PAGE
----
Fact v. fiction about our immune systems
The health of our immune systems has become front-of-mind for many over the last few years. And with that comes a lot of advice on the best way to prepare your body’s defenses for any lingering bugs.
Here, we take a look at four common myths about immune health and see what the science says.
1. Your body’s defenses weaken with age.
True. Research shows that as more candles top your birthday cake, the immune function begins to decline, leaving adults over age 65 more vulnerable to severe illness from viral and bacterial infections.
There’s a science-y term for this process: immunosenescence. You have fewer circulating immune cells, and changes to those you do have make them slower to respond to infectious invaders.
2. Probiotics support healthy immune function.
Mostly true. The microbiome plays a key role in a strong, resilient immune system. A recent review found that probiotic supplements (which contain strains of “good” gut bacteria) decreased the risk of becoming sick with a respiratory infection, and shortened its duration among those who did come down with one.
Probiotics may activate immune cells that fight viruses, reduce inflammation, and kick out “bad” bacteria in your GI system that could open the door to illness. However, this mechanism isn’t fully understood, and higher-quality clinical studies are needed.
3. Honey will “cure” your allergies.
Too early to tell. The theory is this: Honeybees gather pollen from the very plants that cause your itchy eyes, so consuming a small daily dose of the local honey — and subsequently these pollens — may stimulate your immune system and reduce allergies, explained Miguel P. Wolbert, an allergist and immunologist in Evansville, Indiana.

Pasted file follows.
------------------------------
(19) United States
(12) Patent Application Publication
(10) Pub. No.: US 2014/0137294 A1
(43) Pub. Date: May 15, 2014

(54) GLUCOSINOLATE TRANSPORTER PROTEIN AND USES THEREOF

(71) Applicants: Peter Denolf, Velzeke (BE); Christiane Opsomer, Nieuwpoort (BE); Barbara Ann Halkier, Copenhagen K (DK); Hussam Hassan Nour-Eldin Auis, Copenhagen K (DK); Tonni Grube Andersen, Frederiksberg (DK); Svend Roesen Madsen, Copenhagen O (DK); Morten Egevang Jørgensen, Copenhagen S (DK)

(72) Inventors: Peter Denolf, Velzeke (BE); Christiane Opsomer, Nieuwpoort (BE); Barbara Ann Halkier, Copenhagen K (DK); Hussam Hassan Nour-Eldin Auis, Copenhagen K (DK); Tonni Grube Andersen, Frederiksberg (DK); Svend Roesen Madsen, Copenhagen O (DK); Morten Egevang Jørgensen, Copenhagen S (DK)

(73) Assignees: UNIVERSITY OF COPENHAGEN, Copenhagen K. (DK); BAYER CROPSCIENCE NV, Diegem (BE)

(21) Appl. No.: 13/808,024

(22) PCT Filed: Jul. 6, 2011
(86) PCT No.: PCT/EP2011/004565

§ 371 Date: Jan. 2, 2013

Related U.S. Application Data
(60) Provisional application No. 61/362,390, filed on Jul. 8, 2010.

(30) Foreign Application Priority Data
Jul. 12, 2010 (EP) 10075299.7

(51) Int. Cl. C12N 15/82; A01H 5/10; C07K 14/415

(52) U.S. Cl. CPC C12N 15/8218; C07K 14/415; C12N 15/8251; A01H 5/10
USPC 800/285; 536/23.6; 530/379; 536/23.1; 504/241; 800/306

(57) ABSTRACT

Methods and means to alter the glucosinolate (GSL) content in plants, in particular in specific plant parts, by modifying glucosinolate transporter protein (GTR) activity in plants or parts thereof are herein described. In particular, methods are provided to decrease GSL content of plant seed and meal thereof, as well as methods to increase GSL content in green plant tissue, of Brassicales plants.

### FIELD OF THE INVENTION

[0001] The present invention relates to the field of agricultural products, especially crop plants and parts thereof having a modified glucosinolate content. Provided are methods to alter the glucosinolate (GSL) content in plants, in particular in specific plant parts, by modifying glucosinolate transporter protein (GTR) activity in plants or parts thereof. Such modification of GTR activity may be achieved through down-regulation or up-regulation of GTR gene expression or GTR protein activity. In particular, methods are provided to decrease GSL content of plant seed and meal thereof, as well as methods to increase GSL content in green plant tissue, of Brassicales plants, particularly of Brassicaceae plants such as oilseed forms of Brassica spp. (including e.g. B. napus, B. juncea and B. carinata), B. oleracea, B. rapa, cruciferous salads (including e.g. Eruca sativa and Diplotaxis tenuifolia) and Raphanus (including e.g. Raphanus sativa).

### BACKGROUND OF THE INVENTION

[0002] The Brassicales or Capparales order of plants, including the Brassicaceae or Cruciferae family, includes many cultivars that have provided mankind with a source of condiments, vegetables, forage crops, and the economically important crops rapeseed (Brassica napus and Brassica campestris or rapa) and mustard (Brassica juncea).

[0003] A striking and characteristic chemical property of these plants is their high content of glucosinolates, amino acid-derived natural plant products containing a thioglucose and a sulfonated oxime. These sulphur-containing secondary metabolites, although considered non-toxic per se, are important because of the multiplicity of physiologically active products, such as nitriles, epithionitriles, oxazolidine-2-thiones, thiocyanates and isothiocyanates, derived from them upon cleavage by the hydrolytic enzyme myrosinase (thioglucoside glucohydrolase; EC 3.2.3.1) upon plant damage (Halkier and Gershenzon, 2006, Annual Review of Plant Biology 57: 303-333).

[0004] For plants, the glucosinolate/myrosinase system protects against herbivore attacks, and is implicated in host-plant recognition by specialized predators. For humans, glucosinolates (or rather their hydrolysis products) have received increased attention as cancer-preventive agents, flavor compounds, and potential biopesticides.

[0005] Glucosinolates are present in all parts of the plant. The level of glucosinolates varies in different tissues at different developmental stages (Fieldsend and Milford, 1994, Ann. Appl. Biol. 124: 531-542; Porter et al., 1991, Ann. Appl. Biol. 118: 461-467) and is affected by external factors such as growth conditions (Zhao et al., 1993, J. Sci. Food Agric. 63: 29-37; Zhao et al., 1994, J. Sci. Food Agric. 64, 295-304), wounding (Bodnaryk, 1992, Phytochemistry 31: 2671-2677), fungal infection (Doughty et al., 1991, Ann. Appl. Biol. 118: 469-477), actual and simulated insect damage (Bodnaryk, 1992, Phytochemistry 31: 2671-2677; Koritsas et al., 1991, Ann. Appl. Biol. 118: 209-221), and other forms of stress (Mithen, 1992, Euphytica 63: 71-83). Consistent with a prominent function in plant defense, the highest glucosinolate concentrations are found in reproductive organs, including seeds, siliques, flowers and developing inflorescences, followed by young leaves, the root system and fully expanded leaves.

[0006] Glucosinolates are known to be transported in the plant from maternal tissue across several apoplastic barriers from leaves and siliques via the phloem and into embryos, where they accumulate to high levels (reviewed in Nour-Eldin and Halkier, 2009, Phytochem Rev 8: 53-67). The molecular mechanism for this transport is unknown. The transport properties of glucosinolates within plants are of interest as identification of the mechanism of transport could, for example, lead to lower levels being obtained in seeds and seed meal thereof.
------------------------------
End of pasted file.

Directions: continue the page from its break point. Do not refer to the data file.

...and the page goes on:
But the pollens that cause sneezing and congestion — such as ragweed — are wind borne, while the pollens bees collect are too heavy to fly in the breeze.
Wind-borne pollens can fall onto flowers, get picked up by bees and end up in honey, Wolbert said, “but it’s likely to be a very, very small amount” — not enough to make a difference. And, so far, no clinical evidence shows that honey alleviates allergy symptoms.
On the other hand, honey may help soothe your cough. The brain part that registers sweet tastes and the part that causes coughing are located near each other, so sensing sweetness may affect coughing, according to researcher Ian M. Paul, M.D.
One (major) disclaimer: Don’t give honey to a baby younger than one year old. Honey may contain spores of a bacteria that causes botulism, which an infant’s immature immune system can’t handle.
4. A megadose of vitamin C can squash a cold.
Mostly false. This vitamin does play an important role in immune function. But at the first sign of sniffles, don’t run to the drugstore to load up on C: High-dose supplements won’t prevent or shorten the duration of a cold, according to a review published in Frontiers in Immunology.
Plus, there’s only so much vitamin C your body can absorb in one sitting; you’ll simply urinate out any excess.
EatingWell is a magazine and website devoted to healthy eating as a way of life. Online at eatingwell.com.
© 2023 Dotdash Meredith. All rights reserved. Used with permission. Distributed by Tribune Content Agency, LLC.